Watkins Medical Centre
Level 8, 225 Wickham Terrace,
Spring Hill QLD, 4000

All appointments
Phone: (07) 3831 7034

What is an Orthopaedic Spine Surgeon ?

 

There are two types of specialists who can operate on the spine (neck, mid back, lower back). An orthopaedic surgeon is a surgeon who has substantial training in the mechanical side of the body - bones/muscles/joints/tendons/nerves. Orthopaedic surgeons have an in depth knowledge of the mechanics of physical function. Orthopaedic surgeons also train in peripheral nerve surgery (surgery of the nerves in the limbs). After completing orthoapedic training most surgeons are capable of performing relatively simple spine surgery (decompressive srugery of spinal cord or nerves), though have a good theoretical understanding of the spine.

Neurosurgeons train to operate on the brain and the spine with emphasis on the nerve structures (spinal cord and spinal nerves). After completing neurosurgical training most surgeons have significant experience with simple decompressive operations on the spinal nerves and the spinal cord.

In order to do complex spine surgery both orthopaedic surgeons and neurosurgeons need special training in spinal surgery after they qualify as a specialist. This is usually done by a post graduate 'fellowship' in spine surgery (usually lasting at least 12 months to 2 years). The important thing is that you see someone (either orthopaedic or neurosurgical) who has had this special training. In general both can help you and after fellowship training in spinal surgery there is very little difference in the abilities of each. It would still be normal for the more mechanical problems to be dealt with by orthopaedic spine surgeons (such as scoliosis, spondylolisthesis, fractures, spinal column tumours) and the more advanced nerve surgery to be performed by a neurosurgeon ( spinal cord tumours, spinal cord malformations) however there is considerable overlap. Decompressive surgery (lumbar discectomy, cervical discectomy and fusion, foraminotomy and lamminectomy) can be performed equally well by orthopaedic spine surgeons and neurosurgeons.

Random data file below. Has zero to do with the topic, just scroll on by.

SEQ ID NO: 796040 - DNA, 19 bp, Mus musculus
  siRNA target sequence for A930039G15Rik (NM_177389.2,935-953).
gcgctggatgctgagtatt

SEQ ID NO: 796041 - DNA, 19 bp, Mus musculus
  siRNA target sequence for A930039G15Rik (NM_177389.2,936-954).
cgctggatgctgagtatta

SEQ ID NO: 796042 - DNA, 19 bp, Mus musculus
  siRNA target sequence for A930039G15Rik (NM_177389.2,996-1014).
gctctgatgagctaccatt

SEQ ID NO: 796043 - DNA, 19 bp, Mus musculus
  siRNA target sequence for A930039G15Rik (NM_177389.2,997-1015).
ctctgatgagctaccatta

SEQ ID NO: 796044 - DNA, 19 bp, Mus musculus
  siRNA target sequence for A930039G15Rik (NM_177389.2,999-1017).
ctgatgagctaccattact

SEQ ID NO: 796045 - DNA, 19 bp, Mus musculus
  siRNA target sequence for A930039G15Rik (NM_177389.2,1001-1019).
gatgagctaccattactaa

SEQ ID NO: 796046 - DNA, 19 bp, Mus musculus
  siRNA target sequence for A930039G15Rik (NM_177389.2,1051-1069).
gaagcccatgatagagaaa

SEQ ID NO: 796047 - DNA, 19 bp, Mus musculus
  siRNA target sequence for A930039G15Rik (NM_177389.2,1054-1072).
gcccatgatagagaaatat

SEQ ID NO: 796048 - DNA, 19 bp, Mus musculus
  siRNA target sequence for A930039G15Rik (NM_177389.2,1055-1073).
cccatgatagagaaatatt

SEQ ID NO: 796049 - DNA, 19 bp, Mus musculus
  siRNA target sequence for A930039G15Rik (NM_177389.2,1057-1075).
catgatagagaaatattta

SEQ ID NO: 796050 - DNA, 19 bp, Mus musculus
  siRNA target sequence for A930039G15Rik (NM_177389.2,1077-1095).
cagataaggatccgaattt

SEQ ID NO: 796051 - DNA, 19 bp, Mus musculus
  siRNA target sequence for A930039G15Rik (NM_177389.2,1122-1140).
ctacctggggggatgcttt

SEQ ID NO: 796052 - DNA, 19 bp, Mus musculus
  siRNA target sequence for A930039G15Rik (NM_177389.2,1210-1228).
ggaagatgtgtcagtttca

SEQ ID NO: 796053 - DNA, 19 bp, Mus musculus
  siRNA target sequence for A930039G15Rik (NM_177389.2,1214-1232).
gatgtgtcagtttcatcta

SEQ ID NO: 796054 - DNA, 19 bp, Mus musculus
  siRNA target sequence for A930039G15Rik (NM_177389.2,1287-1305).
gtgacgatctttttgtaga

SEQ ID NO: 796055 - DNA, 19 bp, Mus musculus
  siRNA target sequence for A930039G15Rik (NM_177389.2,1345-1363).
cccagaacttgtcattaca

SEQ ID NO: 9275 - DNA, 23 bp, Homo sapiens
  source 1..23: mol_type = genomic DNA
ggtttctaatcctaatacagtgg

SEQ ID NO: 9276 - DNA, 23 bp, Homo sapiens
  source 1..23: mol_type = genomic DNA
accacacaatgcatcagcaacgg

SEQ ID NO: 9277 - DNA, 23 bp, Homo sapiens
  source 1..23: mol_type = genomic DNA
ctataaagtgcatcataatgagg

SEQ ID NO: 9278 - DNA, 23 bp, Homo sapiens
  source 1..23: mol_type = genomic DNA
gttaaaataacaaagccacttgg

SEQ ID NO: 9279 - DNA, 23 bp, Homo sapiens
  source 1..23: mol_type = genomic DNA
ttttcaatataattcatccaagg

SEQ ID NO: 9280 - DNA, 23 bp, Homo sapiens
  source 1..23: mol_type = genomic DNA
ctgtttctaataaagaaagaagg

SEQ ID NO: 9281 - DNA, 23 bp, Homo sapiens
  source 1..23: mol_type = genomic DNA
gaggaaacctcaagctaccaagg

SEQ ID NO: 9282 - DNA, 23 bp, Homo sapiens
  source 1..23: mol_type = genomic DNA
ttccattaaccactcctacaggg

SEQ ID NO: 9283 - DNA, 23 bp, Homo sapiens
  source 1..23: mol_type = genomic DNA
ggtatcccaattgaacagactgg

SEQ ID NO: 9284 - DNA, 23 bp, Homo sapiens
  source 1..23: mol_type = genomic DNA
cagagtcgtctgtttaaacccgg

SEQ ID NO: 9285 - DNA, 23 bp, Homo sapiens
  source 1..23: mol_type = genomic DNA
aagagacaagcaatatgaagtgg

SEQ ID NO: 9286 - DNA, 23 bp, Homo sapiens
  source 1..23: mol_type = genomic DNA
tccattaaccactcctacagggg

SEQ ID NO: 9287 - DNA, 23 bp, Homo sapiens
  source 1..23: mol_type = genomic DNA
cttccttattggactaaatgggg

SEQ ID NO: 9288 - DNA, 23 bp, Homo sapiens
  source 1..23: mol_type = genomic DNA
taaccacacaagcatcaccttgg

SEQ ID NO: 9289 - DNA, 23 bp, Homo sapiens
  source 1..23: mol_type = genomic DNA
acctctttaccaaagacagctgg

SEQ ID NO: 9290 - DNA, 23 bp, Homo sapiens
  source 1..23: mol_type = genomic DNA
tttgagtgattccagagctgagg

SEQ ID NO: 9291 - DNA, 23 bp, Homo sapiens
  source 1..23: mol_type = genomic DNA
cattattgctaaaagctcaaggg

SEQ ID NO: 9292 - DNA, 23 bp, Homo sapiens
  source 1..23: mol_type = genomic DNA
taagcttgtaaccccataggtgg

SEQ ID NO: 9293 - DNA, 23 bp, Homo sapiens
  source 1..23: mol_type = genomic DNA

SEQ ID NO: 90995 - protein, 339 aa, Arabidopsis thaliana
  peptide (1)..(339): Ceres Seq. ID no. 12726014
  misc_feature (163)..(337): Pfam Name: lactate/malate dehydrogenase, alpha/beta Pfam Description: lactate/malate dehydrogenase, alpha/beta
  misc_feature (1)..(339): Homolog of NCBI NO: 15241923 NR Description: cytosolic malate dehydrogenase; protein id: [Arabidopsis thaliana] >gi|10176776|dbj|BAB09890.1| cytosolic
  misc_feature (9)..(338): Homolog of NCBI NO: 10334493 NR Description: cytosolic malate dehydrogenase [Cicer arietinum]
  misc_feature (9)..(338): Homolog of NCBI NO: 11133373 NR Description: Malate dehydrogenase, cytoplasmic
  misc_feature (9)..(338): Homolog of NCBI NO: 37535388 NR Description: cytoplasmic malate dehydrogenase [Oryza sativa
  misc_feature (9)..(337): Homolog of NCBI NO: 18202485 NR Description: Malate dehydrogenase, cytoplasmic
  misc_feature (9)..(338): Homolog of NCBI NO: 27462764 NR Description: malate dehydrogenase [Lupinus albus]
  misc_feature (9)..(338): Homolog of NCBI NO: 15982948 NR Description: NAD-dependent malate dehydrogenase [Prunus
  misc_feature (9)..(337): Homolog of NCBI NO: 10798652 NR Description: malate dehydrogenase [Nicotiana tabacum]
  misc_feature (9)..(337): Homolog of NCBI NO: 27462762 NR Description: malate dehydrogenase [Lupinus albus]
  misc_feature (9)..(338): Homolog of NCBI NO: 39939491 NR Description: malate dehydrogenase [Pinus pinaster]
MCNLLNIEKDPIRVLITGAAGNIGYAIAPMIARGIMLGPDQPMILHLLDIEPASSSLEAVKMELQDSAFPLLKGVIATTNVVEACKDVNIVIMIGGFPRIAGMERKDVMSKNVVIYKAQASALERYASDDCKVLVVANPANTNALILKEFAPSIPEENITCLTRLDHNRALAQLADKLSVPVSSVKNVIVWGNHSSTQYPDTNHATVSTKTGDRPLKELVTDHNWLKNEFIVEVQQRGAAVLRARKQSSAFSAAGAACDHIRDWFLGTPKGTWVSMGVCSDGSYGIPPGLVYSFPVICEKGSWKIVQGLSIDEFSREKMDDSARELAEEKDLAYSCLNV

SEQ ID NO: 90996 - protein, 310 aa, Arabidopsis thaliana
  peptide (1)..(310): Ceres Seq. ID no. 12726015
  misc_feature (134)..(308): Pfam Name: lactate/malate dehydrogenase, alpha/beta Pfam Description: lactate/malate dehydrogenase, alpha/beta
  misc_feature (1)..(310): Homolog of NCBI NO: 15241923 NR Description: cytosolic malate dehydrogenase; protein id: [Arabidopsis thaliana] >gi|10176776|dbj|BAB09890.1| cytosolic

Most orthoapedic spine surgeons in Australia specialise only in spinal surgery and this is all they do, whereas most neurosurgeons in Australia continue to operate on the brain and do part time spine surgery. There are exceptions to this.

If you are deciding what surgeon to choose for your spinal problem you might consider asking the following questions:

 

  • Does the surgeon only do spine surgery (a full time spine surgeon) or does the surgeon combine practicing in       spinal surgery with other types of surgery such as general orthpaedic surgery or neurosurgery?
  • Has the surgeon had special post fellowship training in spine surgery ?